Thirteen Taiwanese and Chinese who survived the 1945 Nagasaki and Hiroshima atomic bomb blasts filed a lawsuit with the Hiroshima District Court on Monday, each demanding ￥1.2 million (US$14,700) in compensation for refusal of medical services.
The collective lawsuit was initiated by 12 Taiwanese, aged between 67 and 97, including the family member of a survivor who passed away in 2007, and an 85-year-old Chinese man.
Among them, seven survived the Hiroshima bombing and the six others survived the bombing in Nagasaki.
The lawsuit was the first of its kind jointly filed by victims from across the Taiwan Strait.
The victims said the Japanese government excluded them from a medical aid program provided to all domestic victims because they were foreigners.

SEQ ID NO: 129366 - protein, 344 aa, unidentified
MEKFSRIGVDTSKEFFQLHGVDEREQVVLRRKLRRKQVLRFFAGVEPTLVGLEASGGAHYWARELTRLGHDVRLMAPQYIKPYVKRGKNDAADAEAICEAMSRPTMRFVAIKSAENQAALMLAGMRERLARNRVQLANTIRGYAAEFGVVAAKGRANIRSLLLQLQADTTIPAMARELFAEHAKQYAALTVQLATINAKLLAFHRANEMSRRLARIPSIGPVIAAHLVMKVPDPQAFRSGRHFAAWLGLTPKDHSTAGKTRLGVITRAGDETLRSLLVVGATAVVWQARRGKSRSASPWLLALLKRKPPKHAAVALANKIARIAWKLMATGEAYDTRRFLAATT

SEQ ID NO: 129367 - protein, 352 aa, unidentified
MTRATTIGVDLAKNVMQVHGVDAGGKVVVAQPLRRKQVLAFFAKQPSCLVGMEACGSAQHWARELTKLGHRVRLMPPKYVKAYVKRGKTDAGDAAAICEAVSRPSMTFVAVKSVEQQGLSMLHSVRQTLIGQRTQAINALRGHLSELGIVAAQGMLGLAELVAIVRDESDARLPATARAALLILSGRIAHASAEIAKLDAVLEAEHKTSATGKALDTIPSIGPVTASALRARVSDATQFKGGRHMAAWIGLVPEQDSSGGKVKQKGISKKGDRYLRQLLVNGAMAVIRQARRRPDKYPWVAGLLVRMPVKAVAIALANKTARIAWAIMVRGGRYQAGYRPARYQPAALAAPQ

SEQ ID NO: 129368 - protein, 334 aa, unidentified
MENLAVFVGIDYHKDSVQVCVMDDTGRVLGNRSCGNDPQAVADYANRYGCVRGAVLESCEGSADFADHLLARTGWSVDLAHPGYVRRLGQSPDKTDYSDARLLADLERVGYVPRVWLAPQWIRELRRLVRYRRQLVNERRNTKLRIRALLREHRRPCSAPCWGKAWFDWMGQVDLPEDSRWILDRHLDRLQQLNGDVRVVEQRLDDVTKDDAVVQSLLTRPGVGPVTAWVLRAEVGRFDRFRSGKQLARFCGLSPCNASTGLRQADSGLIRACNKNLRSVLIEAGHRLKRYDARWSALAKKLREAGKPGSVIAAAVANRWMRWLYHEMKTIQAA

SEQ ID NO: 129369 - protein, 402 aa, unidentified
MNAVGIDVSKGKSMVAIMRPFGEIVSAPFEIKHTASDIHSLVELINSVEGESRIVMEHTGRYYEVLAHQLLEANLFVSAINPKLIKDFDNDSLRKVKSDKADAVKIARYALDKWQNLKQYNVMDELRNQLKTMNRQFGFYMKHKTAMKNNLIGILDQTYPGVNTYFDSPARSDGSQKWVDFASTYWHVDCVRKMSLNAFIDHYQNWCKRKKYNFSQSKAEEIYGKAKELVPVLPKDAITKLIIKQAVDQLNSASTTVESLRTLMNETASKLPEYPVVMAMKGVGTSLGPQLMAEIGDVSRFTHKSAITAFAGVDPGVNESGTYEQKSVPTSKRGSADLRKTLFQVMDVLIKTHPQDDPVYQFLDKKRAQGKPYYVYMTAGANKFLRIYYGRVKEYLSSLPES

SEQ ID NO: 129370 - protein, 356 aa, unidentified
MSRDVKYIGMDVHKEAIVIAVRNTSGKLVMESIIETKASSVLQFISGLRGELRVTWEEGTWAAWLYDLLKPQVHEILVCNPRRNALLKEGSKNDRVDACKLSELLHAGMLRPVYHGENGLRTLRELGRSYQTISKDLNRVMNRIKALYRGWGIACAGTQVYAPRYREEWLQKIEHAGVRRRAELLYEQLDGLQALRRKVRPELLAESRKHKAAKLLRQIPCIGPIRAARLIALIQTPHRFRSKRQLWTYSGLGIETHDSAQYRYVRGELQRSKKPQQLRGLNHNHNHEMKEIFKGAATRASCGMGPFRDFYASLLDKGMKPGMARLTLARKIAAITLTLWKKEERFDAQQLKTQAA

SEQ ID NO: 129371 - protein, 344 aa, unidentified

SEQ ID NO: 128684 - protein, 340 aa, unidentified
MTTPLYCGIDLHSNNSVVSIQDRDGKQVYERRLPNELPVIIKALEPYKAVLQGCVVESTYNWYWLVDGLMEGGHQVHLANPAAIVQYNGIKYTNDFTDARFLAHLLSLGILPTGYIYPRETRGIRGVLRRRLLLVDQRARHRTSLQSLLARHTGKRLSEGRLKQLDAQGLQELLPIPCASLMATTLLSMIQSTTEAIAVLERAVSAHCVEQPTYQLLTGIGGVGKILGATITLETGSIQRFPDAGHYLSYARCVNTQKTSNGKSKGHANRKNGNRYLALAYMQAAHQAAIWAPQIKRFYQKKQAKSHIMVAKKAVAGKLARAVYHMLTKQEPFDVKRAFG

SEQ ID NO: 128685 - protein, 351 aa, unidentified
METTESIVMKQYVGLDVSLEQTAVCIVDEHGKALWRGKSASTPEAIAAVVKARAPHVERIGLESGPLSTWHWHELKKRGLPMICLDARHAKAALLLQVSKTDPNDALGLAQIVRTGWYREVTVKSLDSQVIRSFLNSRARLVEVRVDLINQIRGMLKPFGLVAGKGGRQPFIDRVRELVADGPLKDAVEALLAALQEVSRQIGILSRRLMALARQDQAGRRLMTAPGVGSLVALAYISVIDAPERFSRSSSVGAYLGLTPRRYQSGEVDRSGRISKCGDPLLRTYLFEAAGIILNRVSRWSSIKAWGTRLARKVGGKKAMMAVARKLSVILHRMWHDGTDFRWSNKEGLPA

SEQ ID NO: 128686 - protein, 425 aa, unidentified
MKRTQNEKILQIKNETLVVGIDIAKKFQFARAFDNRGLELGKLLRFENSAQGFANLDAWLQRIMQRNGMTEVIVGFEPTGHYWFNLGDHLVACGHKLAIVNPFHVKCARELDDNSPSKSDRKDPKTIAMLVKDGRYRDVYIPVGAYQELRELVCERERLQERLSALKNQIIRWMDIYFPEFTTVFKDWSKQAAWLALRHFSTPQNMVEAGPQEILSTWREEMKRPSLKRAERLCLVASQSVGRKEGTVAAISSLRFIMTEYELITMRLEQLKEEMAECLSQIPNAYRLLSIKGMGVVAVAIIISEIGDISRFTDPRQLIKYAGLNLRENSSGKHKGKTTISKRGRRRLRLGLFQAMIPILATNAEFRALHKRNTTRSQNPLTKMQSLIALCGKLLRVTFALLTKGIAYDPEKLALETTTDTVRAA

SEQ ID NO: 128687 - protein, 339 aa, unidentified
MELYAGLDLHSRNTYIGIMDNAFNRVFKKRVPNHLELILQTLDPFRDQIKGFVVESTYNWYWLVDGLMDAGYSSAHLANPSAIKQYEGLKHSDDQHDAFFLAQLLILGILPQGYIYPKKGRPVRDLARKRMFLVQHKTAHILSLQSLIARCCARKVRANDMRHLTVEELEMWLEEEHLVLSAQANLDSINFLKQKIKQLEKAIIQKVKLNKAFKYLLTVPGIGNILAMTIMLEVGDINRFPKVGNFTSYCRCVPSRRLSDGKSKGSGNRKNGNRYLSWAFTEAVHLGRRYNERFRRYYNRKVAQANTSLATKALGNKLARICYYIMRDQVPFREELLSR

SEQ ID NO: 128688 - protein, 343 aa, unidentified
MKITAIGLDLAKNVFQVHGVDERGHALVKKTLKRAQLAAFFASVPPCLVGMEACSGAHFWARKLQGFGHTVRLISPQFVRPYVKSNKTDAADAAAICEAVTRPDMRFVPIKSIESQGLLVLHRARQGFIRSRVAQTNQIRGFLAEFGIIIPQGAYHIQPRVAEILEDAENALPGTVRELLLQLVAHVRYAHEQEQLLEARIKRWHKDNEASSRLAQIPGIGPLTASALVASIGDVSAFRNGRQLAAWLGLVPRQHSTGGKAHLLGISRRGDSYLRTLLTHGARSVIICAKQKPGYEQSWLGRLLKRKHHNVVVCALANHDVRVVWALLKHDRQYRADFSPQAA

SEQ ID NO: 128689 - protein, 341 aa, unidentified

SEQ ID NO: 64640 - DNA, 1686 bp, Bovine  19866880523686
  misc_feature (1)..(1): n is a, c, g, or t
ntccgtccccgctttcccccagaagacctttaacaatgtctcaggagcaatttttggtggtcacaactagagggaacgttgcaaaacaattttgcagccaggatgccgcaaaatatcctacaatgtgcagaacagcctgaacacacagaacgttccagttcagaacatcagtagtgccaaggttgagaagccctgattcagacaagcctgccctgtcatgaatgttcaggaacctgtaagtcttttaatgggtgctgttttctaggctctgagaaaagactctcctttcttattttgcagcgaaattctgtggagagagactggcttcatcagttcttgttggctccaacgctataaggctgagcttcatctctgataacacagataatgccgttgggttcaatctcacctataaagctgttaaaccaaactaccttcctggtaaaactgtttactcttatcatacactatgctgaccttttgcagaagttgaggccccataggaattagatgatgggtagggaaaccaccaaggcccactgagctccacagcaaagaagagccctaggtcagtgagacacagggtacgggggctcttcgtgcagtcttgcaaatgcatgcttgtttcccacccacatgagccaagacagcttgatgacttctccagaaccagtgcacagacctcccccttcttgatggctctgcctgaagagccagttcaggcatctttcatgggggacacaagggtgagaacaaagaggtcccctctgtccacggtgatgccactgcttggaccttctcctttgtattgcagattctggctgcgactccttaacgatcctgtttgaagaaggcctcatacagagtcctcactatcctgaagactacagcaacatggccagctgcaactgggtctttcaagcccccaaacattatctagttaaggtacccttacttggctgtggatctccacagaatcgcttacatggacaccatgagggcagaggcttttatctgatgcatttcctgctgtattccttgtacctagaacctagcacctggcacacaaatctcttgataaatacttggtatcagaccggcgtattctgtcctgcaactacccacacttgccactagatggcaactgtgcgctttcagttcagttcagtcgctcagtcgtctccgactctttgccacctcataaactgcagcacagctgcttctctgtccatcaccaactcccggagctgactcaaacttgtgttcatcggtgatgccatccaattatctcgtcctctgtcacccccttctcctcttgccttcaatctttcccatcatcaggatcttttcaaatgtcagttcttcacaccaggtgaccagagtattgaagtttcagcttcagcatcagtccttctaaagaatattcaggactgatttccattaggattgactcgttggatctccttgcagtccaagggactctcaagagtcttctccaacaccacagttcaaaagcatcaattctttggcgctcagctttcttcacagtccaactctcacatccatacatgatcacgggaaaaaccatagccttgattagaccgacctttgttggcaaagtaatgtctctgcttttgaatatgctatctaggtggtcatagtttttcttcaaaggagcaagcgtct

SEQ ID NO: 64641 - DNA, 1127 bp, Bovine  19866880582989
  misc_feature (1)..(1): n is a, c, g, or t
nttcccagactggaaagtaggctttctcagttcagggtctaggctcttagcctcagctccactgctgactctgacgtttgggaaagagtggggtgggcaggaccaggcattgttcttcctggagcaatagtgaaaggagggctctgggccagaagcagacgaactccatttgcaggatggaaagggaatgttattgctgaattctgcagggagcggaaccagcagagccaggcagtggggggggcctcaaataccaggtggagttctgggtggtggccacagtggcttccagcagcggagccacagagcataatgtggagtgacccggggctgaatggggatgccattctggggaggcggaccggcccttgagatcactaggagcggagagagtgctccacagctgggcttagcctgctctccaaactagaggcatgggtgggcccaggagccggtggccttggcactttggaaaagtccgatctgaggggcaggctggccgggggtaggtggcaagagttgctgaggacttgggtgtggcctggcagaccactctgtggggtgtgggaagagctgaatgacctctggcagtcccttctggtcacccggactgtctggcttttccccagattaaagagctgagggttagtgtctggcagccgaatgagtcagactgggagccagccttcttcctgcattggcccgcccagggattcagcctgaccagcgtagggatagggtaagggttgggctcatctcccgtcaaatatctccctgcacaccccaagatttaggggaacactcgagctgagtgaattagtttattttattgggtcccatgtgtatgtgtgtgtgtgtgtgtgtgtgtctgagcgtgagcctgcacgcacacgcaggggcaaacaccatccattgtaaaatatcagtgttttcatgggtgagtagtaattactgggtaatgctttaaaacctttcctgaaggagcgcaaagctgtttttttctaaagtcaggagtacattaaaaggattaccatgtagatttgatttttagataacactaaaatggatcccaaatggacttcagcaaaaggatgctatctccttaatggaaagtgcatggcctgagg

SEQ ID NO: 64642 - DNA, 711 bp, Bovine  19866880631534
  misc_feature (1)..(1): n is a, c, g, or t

The government’s indifference caused them mental suffering, they said, citing it as the main reason for their lawsuit.
Among the Taiwanese litigants is Chen Hsin-tzu, a 95-year-old dermatologist who was a medical student at Nagasaki Medical College in 1945.
He was treating patients when the atomic bomb was dropped 700m from his facility. He returned to Taiwan after World War II and took residence in the former Kaohsiung county.
South Korean, US and Canadian nationals who formerly lived in Japan also took part in the collective lawsuit.
The US dropped an atomic bomb in Hiroshima on Aug. 6, 1945, killing 140,000 people. Three days later, it dropped another bomb in Nagasaki, killing more than 70,000. The bombings prompted Japan to surrender unconditionally on Aug. 15, 1945.